String Attractors: Verification and Optimization

Authors Dominik Kempa , Alberto Policriti , Nicola Prezza , Eva Rotenberg

Thumbnail PDF


  • Filesize: 445 kB
  • 13 pages

Document Identifiers

Author Details

Dominik Kempa
  • Department of Computer Science, University of Helsinki, Finland
Alberto Policriti
  • Department of Computer Science, University of Udine, Italy
Nicola Prezza
  • Department of Computer Science, University of Pisa, Italy
Eva Rotenberg
  • DTU Compute, Technical University of Denmark, Denmark

Cite AsGet BibTex

Dominik Kempa, Alberto Policriti, Nicola Prezza, and Eva Rotenberg. String Attractors: Verification and Optimization. In 26th Annual European Symposium on Algorithms (ESA 2018). Leibniz International Proceedings in Informatics (LIPIcs), Volume 112, pp. 52:1-52:13, Schloss Dagstuhl – Leibniz-Zentrum für Informatik (2018)


String attractors [STOC 2018] are combinatorial objects recently introduced to unify all known dictionary compression techniques in a single theory. A set Gamma subseteq [1..n] is a k-attractor for a string S in Sigma^n if and only if every distinct substring of S of length at most k has an occurrence crossing at least one of the positions in Gamma. Finding the smallest k-attractor is NP-hard for k >= 3, but polylogarithmic approximations can be found using reductions from dictionary compressors. It is easy to reduce the k-attractor problem to a set-cover instance where the string's positions are interpreted as sets of substrings. The main result of this paper is a much more powerful reduction based on the truncated suffix tree. Our new characterization of the problem leads to more efficient algorithms for string attractors: we show how to check the validity and minimality of a k-attractor in near-optimal time and how to quickly compute exact solutions. For example, we prove that a minimum 3-attractor can be found in O(n) time when |Sigma| in O(sqrt[3+epsilon]{log n}) for some constant epsilon > 0, despite the problem being NP-hard for large Sigma.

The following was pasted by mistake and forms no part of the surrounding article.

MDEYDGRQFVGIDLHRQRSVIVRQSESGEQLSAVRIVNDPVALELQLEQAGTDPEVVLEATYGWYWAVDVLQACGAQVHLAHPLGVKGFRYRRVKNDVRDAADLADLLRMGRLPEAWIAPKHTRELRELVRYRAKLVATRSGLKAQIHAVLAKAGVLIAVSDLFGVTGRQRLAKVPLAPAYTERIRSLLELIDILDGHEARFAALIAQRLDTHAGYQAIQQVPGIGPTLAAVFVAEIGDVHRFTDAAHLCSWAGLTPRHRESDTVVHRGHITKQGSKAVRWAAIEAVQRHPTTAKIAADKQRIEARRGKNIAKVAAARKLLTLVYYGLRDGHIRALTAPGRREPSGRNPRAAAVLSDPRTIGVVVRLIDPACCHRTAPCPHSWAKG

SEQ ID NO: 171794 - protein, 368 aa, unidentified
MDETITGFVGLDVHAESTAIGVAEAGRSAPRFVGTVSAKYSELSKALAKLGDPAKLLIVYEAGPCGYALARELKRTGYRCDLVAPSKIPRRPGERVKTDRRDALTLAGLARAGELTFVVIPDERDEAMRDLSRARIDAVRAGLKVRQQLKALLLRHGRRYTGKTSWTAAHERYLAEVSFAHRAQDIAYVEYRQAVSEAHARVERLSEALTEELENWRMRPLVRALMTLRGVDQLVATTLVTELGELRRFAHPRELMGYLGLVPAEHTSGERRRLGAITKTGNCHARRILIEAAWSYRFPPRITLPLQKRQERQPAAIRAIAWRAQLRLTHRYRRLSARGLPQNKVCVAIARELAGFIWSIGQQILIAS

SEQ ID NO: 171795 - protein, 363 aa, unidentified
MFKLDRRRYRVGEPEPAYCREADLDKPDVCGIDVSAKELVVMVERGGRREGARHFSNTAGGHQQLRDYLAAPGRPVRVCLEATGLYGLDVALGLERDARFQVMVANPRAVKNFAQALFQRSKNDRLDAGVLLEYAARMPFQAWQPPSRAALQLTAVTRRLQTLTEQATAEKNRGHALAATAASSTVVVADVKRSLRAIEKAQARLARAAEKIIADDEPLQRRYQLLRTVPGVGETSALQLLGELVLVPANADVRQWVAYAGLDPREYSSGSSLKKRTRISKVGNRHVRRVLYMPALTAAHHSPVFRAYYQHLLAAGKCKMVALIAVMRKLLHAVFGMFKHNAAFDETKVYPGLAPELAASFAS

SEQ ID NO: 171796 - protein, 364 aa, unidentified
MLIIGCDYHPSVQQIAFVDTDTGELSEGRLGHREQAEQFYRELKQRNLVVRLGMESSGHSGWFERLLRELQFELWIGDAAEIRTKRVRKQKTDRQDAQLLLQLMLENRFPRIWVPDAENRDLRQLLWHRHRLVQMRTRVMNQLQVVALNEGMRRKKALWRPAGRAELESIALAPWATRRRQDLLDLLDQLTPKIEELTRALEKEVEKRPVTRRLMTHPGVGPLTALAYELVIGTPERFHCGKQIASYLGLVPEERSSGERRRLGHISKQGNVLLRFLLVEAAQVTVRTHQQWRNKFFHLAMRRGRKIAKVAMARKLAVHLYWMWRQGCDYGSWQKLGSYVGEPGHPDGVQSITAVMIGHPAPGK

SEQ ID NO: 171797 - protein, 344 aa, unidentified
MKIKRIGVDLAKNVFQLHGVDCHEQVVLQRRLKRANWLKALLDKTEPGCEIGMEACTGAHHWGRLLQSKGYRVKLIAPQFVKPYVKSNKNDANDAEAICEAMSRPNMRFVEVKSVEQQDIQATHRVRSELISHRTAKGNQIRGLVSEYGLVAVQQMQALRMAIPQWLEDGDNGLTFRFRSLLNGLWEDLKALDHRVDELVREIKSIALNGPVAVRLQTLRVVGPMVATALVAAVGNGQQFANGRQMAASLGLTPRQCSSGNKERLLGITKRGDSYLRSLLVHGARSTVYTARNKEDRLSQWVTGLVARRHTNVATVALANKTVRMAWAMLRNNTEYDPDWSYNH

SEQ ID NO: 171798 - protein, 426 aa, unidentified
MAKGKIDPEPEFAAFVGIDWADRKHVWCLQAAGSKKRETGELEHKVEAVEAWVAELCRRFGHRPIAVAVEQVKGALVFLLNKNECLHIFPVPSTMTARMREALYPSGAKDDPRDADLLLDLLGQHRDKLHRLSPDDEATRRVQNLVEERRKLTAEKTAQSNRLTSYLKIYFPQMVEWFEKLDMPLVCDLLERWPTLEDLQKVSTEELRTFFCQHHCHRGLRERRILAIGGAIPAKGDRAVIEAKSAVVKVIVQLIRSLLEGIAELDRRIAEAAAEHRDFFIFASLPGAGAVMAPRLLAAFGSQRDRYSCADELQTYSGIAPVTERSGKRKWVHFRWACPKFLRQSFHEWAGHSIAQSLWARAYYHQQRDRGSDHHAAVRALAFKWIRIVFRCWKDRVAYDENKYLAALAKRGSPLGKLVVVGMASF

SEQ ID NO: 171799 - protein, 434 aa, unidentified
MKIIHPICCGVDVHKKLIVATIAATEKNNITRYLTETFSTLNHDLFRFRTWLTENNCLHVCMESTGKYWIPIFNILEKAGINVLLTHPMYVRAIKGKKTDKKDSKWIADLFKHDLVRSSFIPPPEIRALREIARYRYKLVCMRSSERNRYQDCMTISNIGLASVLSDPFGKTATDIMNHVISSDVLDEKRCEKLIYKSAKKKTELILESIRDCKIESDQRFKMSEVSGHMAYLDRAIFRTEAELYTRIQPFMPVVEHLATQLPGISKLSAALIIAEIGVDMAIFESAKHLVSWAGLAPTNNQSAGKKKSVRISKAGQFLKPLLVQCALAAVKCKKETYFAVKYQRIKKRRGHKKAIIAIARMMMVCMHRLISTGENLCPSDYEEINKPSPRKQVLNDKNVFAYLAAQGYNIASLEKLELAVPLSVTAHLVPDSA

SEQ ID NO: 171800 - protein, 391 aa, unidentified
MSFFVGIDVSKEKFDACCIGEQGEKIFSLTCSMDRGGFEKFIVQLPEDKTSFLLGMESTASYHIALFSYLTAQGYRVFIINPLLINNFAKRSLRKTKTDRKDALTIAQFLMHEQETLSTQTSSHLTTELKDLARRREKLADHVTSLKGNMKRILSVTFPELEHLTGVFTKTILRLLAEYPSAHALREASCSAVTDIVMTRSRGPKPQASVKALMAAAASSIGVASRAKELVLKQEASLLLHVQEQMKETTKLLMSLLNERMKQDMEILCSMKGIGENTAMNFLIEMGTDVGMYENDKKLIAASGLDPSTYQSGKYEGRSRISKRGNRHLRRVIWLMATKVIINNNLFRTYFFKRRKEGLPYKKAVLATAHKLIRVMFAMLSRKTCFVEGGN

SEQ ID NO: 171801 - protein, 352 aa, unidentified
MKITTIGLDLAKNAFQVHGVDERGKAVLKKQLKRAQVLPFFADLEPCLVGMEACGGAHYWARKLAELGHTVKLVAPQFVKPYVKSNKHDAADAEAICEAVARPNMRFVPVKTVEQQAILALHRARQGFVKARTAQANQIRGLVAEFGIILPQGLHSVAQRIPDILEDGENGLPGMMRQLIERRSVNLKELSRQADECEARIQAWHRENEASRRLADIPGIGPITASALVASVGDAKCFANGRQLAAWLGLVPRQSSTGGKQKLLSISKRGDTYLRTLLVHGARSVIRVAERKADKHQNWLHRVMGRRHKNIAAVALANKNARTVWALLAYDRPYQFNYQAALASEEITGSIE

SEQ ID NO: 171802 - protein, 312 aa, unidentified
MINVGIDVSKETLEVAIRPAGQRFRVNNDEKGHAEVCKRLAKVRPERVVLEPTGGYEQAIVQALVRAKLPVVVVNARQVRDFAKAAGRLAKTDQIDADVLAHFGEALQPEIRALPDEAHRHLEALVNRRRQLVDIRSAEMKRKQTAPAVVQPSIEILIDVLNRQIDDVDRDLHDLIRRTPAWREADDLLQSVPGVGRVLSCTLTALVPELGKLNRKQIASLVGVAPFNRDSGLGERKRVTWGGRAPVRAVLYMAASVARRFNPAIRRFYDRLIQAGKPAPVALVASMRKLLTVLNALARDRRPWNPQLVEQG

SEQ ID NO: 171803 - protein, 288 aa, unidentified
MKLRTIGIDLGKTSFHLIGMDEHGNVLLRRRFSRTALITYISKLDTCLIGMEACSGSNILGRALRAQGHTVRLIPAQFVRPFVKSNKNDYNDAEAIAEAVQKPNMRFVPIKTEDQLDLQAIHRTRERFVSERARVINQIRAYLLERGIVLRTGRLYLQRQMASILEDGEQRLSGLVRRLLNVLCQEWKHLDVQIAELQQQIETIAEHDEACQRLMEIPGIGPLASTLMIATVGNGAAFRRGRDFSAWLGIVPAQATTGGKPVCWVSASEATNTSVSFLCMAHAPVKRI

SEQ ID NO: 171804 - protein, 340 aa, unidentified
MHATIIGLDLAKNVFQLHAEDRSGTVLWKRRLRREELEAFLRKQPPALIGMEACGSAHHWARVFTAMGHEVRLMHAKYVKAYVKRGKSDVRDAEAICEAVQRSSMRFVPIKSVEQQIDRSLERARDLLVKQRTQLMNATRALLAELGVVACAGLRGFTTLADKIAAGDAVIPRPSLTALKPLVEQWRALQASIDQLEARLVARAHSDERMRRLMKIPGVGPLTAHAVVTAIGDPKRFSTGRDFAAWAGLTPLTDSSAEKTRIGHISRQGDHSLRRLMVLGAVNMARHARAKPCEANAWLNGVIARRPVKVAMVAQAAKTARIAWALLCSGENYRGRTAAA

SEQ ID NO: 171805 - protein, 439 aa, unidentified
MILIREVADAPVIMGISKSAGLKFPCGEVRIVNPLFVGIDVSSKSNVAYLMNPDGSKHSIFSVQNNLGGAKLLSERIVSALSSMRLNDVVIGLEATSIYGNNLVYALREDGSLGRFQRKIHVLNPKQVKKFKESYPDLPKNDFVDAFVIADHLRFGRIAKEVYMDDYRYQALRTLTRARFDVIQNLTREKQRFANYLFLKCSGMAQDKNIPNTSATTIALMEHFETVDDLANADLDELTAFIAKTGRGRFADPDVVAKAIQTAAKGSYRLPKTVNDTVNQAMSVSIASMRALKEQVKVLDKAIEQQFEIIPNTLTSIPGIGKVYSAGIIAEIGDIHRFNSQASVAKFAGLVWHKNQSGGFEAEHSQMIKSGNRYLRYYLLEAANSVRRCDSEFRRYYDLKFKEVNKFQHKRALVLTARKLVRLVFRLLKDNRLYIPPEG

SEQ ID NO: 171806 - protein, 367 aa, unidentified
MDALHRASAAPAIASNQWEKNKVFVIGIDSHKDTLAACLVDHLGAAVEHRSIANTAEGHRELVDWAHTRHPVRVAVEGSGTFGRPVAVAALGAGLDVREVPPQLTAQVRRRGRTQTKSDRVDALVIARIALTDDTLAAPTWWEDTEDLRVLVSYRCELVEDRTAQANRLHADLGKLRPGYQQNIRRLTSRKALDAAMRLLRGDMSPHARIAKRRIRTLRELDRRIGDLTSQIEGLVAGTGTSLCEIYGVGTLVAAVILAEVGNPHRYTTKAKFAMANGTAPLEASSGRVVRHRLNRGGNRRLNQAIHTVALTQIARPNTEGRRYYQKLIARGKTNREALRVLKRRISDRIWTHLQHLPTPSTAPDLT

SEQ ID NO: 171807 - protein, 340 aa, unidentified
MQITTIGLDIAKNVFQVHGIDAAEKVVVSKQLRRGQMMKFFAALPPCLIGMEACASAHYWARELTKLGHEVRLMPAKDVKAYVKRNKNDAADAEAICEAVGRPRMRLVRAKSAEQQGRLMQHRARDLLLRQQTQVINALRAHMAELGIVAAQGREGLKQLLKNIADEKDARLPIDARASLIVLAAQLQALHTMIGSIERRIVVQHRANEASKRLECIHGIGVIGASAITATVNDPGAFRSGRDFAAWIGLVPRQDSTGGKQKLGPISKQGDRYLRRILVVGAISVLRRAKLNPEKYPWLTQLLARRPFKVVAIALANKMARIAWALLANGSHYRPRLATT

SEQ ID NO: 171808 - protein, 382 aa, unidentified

Subject Classification

ACM Subject Classification
  • Theory of computation → Data compression
  • Dictionary compression
  • String attractors
  • Set cover


  • Access Statistics
  • Total Accesses (updated on a weekly basis)
    PDF Downloads


  1. Djamal Belazzougui. Linear time construction of compressed text indices in compact space. In Annual Symposium on Theory of Computing (STOC), pages 148-193. ACM, 2014. Google Scholar
  2. Djamal Belazzougui, Fabio Cunial, Juha Kärkkäinen, and Veli Mäkinen. Linear-time string indexing and analysis in small space. arXiv preprint 1609.06378, 2016. Google Scholar
  3. Anselm Blumer, Janet Blumer, David Haussler, Ross McConnell, and Andrzej Ehrenfeucht. Complete inverted files for efficient text retrieval and analysis. Journal of the ACM, 34(3):578-595, 1987. Google Scholar
  4. Michael Burrows and David J. Wheeler. A block sorting lossless data compression algorithm. Technical Report 124, Digital Equipment Corporation, 1994. Google Scholar
  5. David Clark. Compact Pat trees. PhD thesis, University of Waterloo, 1998. Google Scholar
  6. Maxime Crochemore and Renaud Vérin. Direct construction of compact directed acyclic word graphs. In Combinatorial Pattern Matching (CPM), pages 116-129. Springer, 1997. Google Scholar